Thanks to a String of Snow Days, Ohio Might Expand Time Allowed for State-Mandated Tests
CHARLTON: "There are some preliminary discussions involving potentially expanding the testing window for the Ohio Achievement Assessments...Ohio Achievement Assessments are given to students in three through eight, and the idea would be to give them as much classroom time as possible before they would have to sit down take those assessments. The idea -- they’ve missed a lot of school already, but certainly maybe we can help them out a little bit by maybe getting them an extra week of class before they have to take those assessments."
INGLES: "Now when are they supposed to be taking those?"
CHARLTON: "The spring administration of the OAA starts on Monday, April 21 and ends on Friday, May 9. So there’s about a three week period there where they can take those assessments. And probably what might happen if that window is expanded, maybe they would add a week on to the end of that so that districts would have the option to maybe move their test dates within that window back a little bit."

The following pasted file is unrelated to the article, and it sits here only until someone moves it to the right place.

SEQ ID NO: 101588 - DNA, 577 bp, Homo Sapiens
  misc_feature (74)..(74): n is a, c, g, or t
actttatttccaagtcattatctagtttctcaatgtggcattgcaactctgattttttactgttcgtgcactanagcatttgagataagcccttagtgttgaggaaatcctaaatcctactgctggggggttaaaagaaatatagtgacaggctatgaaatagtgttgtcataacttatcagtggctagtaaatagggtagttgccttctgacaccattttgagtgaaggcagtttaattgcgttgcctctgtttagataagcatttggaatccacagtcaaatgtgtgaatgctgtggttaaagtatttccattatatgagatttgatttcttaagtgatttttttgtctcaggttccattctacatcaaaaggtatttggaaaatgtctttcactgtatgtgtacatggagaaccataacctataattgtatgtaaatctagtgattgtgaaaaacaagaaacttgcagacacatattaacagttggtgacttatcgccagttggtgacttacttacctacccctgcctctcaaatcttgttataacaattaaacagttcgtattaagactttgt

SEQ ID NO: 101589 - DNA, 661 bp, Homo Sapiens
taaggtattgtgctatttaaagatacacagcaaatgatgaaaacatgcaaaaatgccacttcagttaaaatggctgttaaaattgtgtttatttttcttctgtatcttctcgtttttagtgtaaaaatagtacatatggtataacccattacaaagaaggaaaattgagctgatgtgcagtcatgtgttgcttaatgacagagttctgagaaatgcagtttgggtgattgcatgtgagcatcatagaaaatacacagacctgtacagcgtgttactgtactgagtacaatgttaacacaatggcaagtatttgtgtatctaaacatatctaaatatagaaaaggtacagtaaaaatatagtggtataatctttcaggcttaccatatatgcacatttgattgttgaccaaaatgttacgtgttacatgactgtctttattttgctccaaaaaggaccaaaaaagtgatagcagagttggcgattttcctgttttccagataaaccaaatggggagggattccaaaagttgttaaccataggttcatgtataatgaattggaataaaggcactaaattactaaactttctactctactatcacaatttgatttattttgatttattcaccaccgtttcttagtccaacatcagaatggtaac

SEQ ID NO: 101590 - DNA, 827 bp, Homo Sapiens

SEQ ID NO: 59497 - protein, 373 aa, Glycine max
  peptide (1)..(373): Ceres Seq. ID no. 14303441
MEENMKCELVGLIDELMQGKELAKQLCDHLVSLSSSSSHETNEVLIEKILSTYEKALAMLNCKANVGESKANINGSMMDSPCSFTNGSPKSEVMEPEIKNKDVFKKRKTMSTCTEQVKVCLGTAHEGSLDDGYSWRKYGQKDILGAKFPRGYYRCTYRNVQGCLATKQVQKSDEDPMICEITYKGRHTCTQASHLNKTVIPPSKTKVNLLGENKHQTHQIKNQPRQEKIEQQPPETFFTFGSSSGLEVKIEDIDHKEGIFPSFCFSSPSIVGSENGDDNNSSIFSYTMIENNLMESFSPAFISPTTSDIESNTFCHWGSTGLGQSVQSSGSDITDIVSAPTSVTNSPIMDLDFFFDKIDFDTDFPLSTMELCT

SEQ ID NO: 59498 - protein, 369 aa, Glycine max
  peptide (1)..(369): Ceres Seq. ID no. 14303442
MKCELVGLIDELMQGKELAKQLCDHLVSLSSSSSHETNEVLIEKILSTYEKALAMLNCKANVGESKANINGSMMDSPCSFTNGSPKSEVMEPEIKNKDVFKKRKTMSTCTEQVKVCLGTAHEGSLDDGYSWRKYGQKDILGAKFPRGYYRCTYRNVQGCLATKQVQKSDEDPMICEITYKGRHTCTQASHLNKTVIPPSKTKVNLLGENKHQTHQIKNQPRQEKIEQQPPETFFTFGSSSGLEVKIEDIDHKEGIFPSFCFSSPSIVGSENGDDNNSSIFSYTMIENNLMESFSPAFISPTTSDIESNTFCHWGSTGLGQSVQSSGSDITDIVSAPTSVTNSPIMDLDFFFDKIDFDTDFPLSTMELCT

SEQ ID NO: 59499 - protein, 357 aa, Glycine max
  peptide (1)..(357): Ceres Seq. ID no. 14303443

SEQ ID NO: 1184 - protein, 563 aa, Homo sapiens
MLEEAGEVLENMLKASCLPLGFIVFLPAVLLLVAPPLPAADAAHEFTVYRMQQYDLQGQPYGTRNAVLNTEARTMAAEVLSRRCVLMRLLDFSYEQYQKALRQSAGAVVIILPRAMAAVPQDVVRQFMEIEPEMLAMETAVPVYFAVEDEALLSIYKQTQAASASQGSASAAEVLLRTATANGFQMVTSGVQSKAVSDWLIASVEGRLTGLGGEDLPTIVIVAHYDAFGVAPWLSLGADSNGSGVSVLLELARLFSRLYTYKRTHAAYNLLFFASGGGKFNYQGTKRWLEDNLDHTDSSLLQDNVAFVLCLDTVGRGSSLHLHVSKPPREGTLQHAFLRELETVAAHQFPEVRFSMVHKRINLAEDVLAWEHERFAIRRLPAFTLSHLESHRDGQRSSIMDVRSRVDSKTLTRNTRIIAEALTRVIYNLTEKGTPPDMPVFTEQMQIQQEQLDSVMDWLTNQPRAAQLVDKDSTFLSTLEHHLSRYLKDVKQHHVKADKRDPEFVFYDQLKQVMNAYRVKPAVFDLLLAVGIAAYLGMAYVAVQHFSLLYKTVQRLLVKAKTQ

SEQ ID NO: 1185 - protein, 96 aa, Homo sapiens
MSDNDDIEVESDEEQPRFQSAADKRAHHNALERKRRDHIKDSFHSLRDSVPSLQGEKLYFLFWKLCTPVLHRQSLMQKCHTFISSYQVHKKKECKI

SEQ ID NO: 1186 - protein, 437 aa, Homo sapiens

INGLES: "Now this wouldn’t affect the Ohio Graduation test, then?"
CHARLTON: "The Ohio Graduation Test would be very difficult to move, just because of trying to get the results back in time for students to see if they are eligible to graduate or not. The spring administration of the Ohio Graduation Test is set for March 10 through March 23, and the results are supposed to be back on May 12. And really, a lot of schools are going to be having their graduations close to that, so they really have to get those results back as soon as possible. So it makes it really difficult to push that window or extend that window for the OGTs."
Charlton says students begin taking the graduation test in their sophomore year so many don’t have to take it in their junior or senior years if they had passed all parts of it earlier. State Superintendent Richard Ross has the authority to expand the test dates but the Ohio General Assembly would have to extend the deadline in Ohio law for reporting test results. Charlton says that measure could be added to the legislation now under consideration that would allow schools to take more calamity days this year.